Labor costs, publishing costs, "customer support" costs,  documentation costs, security, intellectual property and derived ownership issues would all also be valid criteria in publishing a SDK. For example, many of the features in the Sony SDKs were deliberately inserted to encourage the use of Sony media for storage. While I detest that decision on ethical grounds, it does make sense economically. The point is that what your users will be allowed to do with your SDK does determine which features go into it.

In addition to the various priorizing techniques suggested, I would also clearly define the veto rules up front, and in advance. For example, what happens if Legal and Marketing what the copyright to automatically show up in the finished product? That is a "feature" most developers wouldn't think to consider until late in the process.
Wednesday, June 20, 2007
Sorry, I misread the original context. Catherine is thinking of developing an SDK for internal use only? If that's the case, annoyance reduction would be at the top of my list.

Anyhow, it may be worth having a couple of managers sit in and act as referees whenever the discussion strays from the company's business goals.
Wednesday, June 20, 2007
"Benefit to the customer" ought to be the most important factor, because if all the reasons for buying the product fall off the bottom of the list then you'll efficiently build a strategically prioritised unsaleable waste of time.

"What to build" and "how to build it" are related and the available resources determine what's valid for the "what to build" question, but the people doing the building are the wrong people to make the decision as to what they're going to build.

It worries me when "ease of implementation" is considered more important than "ease of use". That says something about the team's priorities, and it doesn't say that you're building something that will be intended to be useful.

Wednesday, June 20, 2007
If you're building an SDK, I personally would strongly suggest you either spec out or actually try to build an app that consumes that SDK. That'll tell you the pain points very quickly.
Chris Tavares Send private email
Thursday, June 21, 2007
Thanks for the input! We'll probably go with a token system then. But I'm keeping the idea of pairwise comparison for sorting application features with the project managers (who are, in practice, customers of the software department, and who tend to have LOTS of #1 priorities. Also, strangely enough, every manager's project is the company's #1 priority as well... ;) )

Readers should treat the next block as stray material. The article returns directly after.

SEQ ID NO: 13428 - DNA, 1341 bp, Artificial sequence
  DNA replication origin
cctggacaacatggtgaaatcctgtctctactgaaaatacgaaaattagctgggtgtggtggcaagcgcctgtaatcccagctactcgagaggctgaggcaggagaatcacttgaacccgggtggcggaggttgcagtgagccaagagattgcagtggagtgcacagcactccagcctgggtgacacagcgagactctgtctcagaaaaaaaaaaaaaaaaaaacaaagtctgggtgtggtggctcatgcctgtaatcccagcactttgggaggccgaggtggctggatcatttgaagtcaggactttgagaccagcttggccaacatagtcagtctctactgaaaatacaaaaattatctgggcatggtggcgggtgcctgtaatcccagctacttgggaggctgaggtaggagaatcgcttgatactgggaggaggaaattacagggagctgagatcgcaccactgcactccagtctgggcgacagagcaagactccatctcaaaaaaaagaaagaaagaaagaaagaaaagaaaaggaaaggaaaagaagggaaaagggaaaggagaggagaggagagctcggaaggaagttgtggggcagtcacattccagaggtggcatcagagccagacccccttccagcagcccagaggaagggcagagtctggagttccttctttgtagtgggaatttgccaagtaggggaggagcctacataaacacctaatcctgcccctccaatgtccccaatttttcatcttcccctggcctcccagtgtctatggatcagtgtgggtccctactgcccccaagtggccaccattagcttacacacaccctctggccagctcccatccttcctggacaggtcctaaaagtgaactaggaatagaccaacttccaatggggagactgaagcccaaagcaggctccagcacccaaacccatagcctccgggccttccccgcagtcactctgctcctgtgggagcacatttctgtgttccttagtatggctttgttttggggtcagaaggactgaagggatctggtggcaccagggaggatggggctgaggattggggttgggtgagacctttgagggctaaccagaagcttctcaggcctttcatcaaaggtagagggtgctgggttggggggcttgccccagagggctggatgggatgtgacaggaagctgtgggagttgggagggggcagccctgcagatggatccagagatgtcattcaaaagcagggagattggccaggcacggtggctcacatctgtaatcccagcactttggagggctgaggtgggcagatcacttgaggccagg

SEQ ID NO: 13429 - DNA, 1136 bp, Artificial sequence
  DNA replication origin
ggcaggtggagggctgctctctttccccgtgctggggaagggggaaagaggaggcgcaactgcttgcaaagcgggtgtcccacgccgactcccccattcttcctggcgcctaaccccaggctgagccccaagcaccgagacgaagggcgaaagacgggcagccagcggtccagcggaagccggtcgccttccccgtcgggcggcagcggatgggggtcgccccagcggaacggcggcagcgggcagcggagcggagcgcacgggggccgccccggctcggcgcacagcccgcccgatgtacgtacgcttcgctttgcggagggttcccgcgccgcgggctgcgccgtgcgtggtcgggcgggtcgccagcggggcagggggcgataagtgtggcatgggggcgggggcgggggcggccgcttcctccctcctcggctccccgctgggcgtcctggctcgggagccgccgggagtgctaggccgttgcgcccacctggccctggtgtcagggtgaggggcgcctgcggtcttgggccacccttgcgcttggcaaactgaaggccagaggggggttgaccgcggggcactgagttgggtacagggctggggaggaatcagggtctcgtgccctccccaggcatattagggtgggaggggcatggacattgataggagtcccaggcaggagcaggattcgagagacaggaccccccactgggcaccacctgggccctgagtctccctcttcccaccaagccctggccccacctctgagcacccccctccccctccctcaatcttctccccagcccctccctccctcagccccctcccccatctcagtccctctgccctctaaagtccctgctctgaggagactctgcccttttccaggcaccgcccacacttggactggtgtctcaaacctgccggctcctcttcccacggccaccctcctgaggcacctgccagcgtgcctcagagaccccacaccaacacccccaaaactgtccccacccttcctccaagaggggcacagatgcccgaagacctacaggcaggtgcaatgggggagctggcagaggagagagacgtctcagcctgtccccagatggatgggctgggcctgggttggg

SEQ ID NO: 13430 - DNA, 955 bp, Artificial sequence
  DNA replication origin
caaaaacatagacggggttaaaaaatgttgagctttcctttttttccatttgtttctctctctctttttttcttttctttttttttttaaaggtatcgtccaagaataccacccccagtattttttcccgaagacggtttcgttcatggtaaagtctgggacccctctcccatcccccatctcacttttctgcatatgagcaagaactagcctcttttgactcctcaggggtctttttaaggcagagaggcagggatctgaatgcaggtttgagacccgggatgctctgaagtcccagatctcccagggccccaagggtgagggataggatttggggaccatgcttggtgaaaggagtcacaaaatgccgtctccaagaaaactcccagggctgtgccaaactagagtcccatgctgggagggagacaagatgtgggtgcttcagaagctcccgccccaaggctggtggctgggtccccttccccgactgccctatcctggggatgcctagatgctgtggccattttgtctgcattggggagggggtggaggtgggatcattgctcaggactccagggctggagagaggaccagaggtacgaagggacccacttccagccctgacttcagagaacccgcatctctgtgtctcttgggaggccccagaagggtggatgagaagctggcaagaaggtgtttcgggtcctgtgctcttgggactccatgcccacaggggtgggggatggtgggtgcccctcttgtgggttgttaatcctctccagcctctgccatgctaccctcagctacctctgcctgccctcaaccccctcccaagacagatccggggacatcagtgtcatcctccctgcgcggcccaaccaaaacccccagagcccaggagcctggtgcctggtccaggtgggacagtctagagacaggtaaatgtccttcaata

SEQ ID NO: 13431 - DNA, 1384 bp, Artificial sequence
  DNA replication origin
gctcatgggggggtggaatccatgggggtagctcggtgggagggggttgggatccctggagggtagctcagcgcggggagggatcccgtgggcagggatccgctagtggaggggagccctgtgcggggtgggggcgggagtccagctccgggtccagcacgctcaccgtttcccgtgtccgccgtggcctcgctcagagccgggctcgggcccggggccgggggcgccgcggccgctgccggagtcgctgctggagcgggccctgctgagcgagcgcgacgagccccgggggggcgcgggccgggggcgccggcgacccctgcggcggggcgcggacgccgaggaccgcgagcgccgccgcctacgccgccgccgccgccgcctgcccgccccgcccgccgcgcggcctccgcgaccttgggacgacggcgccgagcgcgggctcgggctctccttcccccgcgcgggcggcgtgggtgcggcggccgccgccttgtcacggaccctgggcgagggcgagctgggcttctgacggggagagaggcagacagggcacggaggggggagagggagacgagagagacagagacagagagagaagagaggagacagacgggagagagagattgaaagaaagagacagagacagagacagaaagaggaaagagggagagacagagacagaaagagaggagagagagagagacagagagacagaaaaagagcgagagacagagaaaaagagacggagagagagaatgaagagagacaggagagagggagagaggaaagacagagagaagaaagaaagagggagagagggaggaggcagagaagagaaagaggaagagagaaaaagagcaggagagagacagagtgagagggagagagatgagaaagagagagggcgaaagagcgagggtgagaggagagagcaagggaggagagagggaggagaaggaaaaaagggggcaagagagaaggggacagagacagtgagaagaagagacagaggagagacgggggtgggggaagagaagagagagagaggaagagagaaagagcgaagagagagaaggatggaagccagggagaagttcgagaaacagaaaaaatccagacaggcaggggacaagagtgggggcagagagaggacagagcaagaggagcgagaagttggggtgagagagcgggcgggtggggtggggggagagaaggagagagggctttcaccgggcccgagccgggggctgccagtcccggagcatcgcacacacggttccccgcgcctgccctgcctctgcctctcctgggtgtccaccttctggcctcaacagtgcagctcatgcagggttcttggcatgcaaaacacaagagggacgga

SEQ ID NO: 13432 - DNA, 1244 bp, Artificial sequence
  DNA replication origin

Just to add a few precisions:

- Our SDK is indeed an in-house tool only. It's already widely in use, and we've already gone through a few phases of improvement, so we have a pretty good idea of what is still painful (even though it's incredibly better than it used to be). But since we all work with different parts of the SDK, our priorities differ.

- We have limited ressources, since most of our development time goes to developping applications that actually serve a purpose (and bring in revenue). Improvements that directly and obviously benefit an application can generally be "sold" to that project's manager. So we generally try to focus on things that make our job more efficient or less error-prone.

- There are also a couple of features which would make all of our products slightly better, and no single project manager wants to "buy" that feature (but of course, everyone will want it once it's free.) So those generally come out of the SDK budget.
Catherine Send private email
Thursday, June 21, 2007
If there is no external means of prioritizing, why not have each developer chose the feature that he, individually, wants to work on.  Each time a developer completes a feature, he can select another one from the list.  There is no need to impose a prioritization scheme if not objective priorities exist.
Wayne M.
Friday, June 22, 2007
Even though you are not a startup, I like Dharmesh's list:

The Art Of Startup Prioritization: Maximizing The Wow-To-Work Ratio:
Scott Meade Send private email
Tuesday, June 26, 2007